The voicemail triggers Kendrick’s survival’s guilt for escaping Compton. Earlier on the album, Kendrick was sent into a fit of manic depression by his survival’s guilt on the song “u.” On “Hood Politics,” Kendrick attempts to convince himself of the street credibility he’s earned as a youth in Compton, and how he’s remained true to his roots despite his success.
The song is divided into three verses that speak on varying politics: Verse one centers around hood politics, verse two talks of governmental politics, and verse three speaks on hip-hop politics. Kendrick chooses a high-pitched voc

Nov 15 2016

30mins

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S1E13 – How Much a Dollar Cost? by Kendrick Lamar

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Our season long examination of Kendrick Lamar’s To Pimp a Butterfly continues with the album’s eleventh track, “How Much a Dollar Cost?”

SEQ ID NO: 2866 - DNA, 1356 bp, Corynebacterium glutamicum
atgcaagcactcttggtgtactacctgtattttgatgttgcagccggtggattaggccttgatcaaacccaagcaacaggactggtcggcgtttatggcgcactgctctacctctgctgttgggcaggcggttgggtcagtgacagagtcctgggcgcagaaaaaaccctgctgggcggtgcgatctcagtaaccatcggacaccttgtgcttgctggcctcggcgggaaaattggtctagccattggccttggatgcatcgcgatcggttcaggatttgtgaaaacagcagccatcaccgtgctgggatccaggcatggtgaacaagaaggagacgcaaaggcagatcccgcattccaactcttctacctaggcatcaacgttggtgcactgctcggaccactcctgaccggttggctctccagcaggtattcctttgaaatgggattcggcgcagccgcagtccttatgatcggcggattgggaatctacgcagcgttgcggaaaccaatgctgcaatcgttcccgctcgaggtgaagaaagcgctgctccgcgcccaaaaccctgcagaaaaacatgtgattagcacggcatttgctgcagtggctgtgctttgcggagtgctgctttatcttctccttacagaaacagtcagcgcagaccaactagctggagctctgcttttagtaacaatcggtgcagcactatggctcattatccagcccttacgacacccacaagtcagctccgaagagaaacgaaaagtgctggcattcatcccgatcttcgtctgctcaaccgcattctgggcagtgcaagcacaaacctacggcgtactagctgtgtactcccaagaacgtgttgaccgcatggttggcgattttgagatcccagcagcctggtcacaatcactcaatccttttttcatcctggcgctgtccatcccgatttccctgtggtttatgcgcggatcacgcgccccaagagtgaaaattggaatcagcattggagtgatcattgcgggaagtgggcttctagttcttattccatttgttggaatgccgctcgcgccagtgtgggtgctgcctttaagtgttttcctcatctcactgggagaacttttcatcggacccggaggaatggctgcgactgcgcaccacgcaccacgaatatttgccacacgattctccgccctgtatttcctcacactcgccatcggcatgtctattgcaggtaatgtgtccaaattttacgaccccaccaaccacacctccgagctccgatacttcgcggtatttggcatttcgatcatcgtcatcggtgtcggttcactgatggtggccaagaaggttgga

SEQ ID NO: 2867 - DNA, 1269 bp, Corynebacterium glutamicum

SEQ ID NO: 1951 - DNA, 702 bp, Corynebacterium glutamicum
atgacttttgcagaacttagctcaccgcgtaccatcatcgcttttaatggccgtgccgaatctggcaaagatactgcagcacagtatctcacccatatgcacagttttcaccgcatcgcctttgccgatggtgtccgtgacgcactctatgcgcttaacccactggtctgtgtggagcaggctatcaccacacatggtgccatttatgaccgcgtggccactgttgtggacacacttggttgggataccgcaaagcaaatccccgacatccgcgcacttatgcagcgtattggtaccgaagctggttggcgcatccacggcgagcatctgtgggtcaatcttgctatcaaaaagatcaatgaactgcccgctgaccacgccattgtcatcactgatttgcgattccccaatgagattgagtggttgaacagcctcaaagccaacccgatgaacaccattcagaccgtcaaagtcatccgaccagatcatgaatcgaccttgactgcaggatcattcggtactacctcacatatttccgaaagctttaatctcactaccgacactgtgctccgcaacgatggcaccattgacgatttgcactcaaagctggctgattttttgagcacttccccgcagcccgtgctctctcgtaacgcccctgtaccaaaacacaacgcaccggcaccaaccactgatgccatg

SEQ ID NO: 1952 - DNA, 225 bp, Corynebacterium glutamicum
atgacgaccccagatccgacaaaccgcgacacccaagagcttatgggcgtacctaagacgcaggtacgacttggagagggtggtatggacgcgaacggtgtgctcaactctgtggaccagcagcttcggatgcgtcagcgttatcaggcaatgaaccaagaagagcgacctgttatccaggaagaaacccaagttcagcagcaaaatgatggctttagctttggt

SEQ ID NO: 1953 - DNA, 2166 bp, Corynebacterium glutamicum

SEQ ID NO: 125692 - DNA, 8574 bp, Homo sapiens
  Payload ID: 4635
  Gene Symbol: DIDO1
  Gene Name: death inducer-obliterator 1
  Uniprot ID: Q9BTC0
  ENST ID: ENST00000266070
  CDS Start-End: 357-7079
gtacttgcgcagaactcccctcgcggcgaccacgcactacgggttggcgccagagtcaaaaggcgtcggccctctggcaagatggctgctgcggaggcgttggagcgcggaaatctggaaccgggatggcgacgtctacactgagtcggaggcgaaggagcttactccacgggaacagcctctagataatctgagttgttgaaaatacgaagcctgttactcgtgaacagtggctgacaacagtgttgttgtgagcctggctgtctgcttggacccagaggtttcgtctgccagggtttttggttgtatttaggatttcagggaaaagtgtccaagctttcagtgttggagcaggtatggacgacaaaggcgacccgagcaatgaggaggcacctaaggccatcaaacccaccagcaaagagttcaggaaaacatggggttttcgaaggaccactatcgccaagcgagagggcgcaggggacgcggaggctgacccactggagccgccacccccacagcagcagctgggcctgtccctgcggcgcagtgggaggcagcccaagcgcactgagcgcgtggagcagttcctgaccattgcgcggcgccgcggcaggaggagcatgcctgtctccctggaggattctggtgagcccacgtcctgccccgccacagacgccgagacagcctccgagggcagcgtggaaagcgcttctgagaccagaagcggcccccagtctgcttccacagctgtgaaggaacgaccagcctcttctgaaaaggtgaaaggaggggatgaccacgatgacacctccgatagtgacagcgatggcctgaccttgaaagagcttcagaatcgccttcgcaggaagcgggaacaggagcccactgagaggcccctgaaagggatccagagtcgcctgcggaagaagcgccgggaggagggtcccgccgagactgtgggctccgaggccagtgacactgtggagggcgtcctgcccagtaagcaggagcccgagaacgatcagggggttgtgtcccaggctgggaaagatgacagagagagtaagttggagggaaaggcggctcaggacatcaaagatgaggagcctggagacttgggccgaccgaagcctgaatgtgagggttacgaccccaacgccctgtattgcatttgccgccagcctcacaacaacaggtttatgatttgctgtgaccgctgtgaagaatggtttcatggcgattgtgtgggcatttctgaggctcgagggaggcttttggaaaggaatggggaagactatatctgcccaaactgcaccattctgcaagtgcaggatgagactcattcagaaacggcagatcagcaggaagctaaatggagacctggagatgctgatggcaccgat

Plagued by Uncle Sam (the American Dream) and Lucy (temptation), Kendrick has stood at a metaphoric crossroads for most of the album, deciding whether to use or pimp his talent for good or evil. “How Much a Dollar Cost?” will force Kendrick’s hand.
The song tells a story of Kendrick’s encounter with a homeless man in a gas station in South Africa. The man asks Kendrick for a dollar, which he refuses due to his selfishness. The homeless man reveals himself as god in the final line of the song, and as it turns out, the cost of a dollar was Kendrick’s spot in heaven. Upon this discovery, Kendrick is humbled, asks for forgiveness, and it set on a path of righteousness.
And while Kendrick’s spot in heaven was the answer to the question of “How Much a Dollar Cost?”, we can a

Nov 22 2016

32mins

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S1E14 – Complexion (A Zulu Love) by Kendrick Lamar

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We continue our season long analysis of To Pimp a Butterfly by Kendrick Lamar with the album’s twelfth track “Complexion (A Zulu Love).”